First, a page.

How technology is transforming football: from England to Brazil

For football fans, the end of August marks a time of excitement or disappointment – depending on which team you support. It’s the closure of the summer transfer window, so the last opportunity of the year for football clubs to spend a ludicrous sum of money on a player that could boost their chances of success.

This time, there were few transfers to drum up hype for the new Premier League season – mainly because the money demanded for talented footballers today clashes with new administrative rules that prevent clubs from spending beyond their means. In other words, if football clubs want to be successful going forward, they have to run more like a normal business.

It’s for that reason, perhaps, that some of the biggest signings among England’s elite clubs this summer came less through €50 million purchases of 19-year-old boys – although some did still exist – and more in the form of technology partnerships.

First, City Football Group, which owns Manchester City, announced a global, multi-year marketing and technology partnership with German software firm SAP to simplify its operations, enhance fan engagement and transform the way its teams perform – from the boardroom to the pitch.

>See also: How Bolton Wanderers are revolutionising the use of data analysis in football to win back their Premier League place

SAP’s work with the German national team in the lead up to their victory at last year’s World Cup no doubt convinced Manchester City of the company’s sporting credentials, and helped put pen to paper on a deal to implement a wide variety of cloud-based solutions across HR, finance and social.

Predictive analytics and business intelligence will be at the centre of the ownership group’s new information infrastructure to analyse and simulate all data – helping make decision-making a faster and more informed process.

“Our common ambition is to create groundbreaking football-specific technology solutions and products and I have every confidence that we will be successful,” said Khaldoon al Mubarak, chairman of City Football Group, which also owns New York City FC, Melbourne City FC and Yokohama F. Marinos.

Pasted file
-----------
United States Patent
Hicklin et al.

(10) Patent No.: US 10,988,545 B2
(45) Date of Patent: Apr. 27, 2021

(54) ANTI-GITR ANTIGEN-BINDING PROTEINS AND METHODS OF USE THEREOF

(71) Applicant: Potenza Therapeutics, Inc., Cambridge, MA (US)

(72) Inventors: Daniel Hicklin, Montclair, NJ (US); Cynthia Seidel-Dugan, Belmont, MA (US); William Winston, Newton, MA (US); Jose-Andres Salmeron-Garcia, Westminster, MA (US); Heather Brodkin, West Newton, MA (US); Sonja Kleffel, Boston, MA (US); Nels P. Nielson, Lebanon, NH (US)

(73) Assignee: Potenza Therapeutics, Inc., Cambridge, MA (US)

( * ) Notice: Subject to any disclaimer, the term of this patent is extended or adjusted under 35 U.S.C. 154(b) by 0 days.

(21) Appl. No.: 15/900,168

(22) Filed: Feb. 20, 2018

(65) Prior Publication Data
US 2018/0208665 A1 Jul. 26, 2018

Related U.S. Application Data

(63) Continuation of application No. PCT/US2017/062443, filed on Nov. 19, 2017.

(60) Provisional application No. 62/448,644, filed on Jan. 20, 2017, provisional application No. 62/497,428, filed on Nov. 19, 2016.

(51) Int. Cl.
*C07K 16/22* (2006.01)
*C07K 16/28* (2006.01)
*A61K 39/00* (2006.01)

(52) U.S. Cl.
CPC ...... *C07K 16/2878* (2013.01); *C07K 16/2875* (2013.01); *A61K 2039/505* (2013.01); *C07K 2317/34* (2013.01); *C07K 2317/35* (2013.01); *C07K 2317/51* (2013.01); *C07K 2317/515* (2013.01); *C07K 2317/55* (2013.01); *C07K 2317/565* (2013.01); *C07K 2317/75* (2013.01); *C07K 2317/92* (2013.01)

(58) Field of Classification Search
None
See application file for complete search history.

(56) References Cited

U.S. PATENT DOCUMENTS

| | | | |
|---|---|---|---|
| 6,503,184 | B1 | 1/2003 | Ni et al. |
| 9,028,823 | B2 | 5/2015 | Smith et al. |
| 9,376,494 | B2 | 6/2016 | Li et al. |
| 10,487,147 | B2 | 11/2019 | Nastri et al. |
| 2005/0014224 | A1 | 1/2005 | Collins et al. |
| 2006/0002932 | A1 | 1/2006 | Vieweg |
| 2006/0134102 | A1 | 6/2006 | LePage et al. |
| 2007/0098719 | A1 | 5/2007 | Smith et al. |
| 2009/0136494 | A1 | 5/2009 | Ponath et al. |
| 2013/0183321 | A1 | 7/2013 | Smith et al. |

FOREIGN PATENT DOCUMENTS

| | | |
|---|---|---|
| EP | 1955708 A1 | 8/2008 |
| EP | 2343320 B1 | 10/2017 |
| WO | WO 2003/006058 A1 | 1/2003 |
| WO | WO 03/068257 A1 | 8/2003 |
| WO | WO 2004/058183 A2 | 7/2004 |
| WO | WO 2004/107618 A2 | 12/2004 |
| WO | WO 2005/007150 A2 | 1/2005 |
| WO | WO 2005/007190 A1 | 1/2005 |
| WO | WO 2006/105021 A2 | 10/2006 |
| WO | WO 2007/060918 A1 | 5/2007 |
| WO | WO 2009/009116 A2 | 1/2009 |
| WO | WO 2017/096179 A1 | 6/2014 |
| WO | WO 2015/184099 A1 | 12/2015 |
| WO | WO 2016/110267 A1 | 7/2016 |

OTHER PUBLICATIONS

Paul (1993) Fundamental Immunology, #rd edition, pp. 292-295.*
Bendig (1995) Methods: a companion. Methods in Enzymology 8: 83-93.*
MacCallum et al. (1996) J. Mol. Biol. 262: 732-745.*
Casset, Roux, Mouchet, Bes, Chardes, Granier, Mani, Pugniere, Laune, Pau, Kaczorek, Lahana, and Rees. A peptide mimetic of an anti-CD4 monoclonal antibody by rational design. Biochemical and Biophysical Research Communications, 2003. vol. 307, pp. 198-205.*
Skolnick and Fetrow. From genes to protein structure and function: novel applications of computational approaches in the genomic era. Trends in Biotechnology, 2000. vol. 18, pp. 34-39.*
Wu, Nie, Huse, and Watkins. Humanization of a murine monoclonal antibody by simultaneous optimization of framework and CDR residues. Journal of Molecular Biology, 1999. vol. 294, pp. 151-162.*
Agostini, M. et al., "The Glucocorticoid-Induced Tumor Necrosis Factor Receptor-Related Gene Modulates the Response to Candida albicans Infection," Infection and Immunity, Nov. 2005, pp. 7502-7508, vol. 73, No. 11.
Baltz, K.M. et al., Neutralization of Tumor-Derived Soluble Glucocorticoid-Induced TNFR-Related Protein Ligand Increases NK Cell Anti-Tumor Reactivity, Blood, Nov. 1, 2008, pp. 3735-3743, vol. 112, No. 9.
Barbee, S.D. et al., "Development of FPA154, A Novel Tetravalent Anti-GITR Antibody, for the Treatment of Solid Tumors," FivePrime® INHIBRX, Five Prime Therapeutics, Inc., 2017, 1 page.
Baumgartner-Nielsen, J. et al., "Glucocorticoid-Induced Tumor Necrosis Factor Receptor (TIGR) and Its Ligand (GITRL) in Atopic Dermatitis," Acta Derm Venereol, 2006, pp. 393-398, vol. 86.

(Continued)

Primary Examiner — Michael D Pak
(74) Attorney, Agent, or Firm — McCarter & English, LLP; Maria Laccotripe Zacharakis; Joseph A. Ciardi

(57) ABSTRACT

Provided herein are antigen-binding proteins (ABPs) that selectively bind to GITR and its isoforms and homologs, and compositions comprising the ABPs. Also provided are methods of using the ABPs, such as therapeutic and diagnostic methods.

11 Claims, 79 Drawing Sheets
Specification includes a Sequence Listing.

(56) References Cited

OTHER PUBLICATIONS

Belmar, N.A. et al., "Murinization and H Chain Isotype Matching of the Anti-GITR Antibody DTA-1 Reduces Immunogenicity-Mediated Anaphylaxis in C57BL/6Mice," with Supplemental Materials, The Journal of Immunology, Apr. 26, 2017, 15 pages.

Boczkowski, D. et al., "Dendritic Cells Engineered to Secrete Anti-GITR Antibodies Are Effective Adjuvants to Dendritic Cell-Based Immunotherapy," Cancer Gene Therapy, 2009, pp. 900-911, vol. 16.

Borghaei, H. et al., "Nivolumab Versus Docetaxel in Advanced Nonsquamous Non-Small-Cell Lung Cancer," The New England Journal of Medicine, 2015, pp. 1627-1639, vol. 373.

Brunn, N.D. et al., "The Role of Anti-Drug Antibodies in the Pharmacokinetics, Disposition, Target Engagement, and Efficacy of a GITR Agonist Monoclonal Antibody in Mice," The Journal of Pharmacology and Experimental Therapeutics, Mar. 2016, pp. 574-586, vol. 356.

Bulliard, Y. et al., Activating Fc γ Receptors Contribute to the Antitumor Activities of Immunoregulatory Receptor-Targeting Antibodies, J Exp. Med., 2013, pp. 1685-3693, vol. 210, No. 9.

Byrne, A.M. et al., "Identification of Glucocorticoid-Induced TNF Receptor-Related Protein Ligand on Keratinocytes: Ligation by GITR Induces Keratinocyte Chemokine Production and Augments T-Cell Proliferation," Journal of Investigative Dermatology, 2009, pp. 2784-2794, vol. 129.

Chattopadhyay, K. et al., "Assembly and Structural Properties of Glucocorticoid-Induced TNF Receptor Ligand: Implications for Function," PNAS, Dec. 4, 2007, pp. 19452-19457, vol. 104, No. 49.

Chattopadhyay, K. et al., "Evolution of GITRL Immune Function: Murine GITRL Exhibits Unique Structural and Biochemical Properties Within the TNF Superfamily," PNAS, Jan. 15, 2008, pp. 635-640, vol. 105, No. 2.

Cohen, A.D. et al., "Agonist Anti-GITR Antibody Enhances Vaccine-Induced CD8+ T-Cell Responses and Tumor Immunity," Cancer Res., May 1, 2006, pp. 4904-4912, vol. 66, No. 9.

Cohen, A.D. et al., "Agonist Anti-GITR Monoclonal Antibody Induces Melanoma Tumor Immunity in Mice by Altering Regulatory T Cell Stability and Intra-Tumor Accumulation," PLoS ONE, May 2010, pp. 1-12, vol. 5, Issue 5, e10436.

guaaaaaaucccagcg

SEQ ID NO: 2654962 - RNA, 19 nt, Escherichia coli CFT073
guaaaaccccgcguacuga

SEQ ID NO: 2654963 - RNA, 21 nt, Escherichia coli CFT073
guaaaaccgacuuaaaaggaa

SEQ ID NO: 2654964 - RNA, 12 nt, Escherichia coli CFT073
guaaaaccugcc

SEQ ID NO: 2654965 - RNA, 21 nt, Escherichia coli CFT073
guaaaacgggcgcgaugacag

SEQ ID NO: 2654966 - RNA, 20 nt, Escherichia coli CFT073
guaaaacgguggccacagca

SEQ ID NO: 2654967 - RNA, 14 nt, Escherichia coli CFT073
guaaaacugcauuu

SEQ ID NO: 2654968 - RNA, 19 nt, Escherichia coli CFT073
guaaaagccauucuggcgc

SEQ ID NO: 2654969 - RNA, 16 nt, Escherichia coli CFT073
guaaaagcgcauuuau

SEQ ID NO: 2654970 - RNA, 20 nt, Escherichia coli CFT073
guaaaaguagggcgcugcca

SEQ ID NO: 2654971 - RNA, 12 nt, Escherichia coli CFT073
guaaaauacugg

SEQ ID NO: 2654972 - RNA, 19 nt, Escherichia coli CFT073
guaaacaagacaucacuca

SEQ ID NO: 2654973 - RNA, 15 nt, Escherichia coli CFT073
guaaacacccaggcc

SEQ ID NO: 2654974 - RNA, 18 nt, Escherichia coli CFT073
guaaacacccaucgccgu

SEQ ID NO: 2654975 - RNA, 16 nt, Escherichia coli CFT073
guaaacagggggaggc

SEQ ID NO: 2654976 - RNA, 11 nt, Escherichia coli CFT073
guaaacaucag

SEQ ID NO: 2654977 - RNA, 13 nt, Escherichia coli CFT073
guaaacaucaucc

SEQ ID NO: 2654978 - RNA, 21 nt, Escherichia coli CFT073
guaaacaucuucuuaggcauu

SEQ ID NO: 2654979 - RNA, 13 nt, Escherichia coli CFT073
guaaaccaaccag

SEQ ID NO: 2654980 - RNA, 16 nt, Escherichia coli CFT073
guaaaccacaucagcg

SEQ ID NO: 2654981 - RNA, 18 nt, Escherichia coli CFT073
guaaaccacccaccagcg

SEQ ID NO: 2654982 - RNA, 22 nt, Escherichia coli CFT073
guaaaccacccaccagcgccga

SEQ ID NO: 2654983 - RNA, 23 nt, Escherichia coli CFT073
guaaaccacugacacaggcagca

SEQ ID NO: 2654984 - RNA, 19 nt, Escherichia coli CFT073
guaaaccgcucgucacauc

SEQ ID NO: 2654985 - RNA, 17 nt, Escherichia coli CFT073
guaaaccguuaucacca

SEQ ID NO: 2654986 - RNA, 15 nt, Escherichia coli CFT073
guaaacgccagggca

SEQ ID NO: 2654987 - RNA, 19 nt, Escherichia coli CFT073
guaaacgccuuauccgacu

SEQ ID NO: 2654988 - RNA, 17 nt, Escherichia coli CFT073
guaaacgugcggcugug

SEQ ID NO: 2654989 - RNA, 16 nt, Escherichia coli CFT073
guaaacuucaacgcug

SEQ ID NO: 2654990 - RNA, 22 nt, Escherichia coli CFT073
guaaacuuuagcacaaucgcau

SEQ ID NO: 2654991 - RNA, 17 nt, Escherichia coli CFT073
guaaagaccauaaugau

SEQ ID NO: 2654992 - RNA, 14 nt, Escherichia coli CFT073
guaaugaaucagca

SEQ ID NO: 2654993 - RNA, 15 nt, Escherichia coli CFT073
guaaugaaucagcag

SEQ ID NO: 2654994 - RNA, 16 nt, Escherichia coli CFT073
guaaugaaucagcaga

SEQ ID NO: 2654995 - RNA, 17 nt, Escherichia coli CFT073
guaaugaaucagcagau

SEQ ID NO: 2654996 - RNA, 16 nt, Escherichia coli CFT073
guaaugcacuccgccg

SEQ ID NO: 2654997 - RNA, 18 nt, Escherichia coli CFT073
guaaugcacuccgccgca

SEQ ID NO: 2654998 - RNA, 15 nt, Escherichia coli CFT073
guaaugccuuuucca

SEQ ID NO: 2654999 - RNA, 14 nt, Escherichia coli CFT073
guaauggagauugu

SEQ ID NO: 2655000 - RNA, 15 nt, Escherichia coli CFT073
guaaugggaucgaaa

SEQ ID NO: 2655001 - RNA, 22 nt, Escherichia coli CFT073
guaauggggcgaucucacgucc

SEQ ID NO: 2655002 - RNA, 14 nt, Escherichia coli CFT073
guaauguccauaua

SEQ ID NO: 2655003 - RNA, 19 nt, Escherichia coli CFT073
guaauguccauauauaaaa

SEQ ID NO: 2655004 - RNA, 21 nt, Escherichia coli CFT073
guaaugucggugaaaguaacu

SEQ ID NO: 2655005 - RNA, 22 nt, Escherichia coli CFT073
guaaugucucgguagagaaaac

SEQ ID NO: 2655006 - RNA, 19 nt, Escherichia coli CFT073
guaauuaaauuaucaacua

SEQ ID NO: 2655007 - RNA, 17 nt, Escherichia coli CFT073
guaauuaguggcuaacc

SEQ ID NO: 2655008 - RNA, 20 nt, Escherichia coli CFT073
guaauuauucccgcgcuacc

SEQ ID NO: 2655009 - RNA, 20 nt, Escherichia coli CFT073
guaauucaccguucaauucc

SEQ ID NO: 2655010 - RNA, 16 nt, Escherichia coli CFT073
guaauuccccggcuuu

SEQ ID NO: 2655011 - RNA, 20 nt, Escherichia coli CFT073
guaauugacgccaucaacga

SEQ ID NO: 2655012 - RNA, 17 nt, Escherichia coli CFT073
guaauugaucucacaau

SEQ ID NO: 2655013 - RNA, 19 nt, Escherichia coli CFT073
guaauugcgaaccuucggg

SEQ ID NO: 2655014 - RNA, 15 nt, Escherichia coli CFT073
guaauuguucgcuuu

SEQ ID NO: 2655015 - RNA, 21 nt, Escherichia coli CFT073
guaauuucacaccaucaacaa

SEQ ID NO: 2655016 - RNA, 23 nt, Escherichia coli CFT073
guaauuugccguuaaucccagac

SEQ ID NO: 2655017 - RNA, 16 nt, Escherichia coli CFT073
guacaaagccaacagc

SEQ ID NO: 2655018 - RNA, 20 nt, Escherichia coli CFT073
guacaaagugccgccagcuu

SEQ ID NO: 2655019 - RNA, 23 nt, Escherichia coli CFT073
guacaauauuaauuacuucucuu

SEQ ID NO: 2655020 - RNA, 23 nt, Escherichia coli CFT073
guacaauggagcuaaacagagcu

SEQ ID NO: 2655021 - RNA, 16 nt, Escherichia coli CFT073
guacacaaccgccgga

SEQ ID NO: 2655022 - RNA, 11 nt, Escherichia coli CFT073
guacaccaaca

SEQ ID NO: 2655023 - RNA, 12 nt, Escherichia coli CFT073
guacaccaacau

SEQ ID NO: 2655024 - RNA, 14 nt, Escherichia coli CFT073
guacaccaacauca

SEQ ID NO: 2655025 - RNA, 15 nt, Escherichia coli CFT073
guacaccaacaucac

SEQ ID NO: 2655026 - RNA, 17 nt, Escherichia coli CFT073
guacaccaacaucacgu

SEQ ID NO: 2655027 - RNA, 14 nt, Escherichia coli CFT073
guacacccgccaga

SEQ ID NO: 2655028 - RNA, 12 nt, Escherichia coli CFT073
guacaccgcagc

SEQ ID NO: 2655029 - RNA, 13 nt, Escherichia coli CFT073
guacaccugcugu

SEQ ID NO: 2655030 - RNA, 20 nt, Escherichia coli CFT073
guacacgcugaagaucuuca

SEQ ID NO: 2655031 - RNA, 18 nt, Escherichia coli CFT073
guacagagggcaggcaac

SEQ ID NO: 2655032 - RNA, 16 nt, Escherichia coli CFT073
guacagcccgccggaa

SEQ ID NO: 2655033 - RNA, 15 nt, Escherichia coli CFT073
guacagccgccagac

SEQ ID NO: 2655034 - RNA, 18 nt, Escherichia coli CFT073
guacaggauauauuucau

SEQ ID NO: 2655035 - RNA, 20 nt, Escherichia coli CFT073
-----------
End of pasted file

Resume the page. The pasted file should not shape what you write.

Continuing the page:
Not to be outdone by their arch rivals, Manchester United put on a press conference barely a few weeks following City Football Group’s announcement to reveal a digital transformation of their own – in partnership with HCL Technologies, one of India’s big six IT firms

Like City, United are keen to enhance fan experience through a string of digital initiatives, including the creation of a ‘United Xperience lab’ in their Old Trafford stadium. They will also improve their website and mobile app as they prepare to launch a new digital media strategy next year.

United’s group MD Richard Arnold said United Xperience will see the club leverage the latest technology available in the evolving digital landscape. “It is a very exciting prospect and the possibilities of what we can achieve are endless,” he said. “Through digital transformation we hope to change the way in which our fans experience and interact with Manchester United.”

Then it was the turn of current champions Chelsea, who have chosen another Indian company, Wipro, for their so-called ‘digital journey’ – in other words, the fan engagement and in-stadia experience that City and United speak of.

According to Chelsea MD Christian Purslow, the partnership will “truly enhance the fan experience for millions of Chelsea supporters worldwide”.

While England’s top three football clubs love to pretend these significant investments are all for the benefit of their fans, the real reason is of course business related. The administrative rules have left them searching for new ways to boost revenue – and a significant opportunity lies in monetising their relationships with hundreds of millions of fans through targeted promotions and advertising.

The influence and prevalence of such strategies are set to grow going forward as directors spend less time stroking the inflated egos of spoilt footballers and more experimenting with innovation.

And it’s not just England that is impacted by the rules. The Financial Fair Play Regulations (FFP) were established by football’s governing body for Europe, UEFA, which is keen to safeguard the long-term survival of clubs across the whole continent by preventing them from spending more than they earn in the pursuit of success.

Football religion